Supreme Kidnap

James Fox

  • Fortune’s Hostages by Caroline Moorehead
    Hamish Hamilton, 256 pp, £8.95, January 1980, ISBN 0 241 10320 7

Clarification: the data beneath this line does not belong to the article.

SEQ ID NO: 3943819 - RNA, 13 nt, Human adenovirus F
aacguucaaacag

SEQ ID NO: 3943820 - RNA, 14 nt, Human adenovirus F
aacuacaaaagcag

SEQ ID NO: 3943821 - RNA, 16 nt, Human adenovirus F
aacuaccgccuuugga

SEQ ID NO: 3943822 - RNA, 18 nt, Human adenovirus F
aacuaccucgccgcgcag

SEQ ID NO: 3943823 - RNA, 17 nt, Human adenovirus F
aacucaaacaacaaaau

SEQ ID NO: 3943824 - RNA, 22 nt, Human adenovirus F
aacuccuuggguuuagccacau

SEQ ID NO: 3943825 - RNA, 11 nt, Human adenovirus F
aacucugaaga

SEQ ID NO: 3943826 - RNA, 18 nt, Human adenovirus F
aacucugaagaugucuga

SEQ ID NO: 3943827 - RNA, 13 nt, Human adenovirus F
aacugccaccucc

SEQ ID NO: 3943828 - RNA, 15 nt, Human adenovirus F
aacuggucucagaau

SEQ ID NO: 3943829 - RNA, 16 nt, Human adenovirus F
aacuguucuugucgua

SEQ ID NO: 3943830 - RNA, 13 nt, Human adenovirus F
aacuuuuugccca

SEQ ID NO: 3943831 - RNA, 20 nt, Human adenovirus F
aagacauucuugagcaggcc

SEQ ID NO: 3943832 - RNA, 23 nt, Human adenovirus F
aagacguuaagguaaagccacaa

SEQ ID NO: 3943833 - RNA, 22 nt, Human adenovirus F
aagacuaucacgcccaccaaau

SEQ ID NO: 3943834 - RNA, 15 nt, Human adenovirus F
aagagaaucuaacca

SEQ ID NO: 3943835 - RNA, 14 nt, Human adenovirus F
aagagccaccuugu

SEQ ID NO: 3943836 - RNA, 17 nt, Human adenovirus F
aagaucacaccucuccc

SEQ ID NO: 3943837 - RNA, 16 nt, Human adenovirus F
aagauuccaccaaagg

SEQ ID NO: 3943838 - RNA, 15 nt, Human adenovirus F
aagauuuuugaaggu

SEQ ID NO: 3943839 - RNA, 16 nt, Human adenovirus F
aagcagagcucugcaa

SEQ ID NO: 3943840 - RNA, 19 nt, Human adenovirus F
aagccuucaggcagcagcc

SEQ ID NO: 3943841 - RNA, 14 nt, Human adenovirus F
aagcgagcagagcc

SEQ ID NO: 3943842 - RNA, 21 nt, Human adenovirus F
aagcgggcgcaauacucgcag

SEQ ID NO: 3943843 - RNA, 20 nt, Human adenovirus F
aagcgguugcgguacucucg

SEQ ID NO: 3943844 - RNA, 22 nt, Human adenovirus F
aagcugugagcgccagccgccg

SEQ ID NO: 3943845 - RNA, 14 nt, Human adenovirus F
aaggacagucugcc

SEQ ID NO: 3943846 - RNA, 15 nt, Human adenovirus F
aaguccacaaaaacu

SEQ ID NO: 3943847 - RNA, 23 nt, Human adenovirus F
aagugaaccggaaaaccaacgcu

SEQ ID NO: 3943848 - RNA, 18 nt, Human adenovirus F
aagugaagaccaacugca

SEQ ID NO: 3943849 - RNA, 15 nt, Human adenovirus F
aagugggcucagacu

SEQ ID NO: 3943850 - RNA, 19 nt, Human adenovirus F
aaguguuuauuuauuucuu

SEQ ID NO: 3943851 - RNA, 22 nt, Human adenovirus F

The readers of the Italian weekly L’Espresso (swaying in the breeze like a field of ripe corn) were treated, in their issue of 20 January, to a new form of journalistic entertainment – a media package for the Eighties. Wrapped into the cellophane cover was a gramophone record, featuring a conversation between a member of the Red Brigades and Aldo Moro’s daughter, in which she is given one last chance for her father’s release. This is followed by another conversation – the last in a series of calls from another of Moro’s captors, ‘Professor Niccolai’, telling Moro’s best friend, on the day he was killed, where to pick up the corpse. You hear the friend sobbing and making great efforts to speak. He is told that Moro’s last wish was that he take the news to Moro’s family. ‘I can’t,’ he says. ‘You can’t,’ says Niccolai, as if discussing a grocery delivery. His bureaucratic style creates a repugnant sense of cruelty and inhumanity as he gives directions: first left, second right, the body is in the boot. ‘Va bene?’

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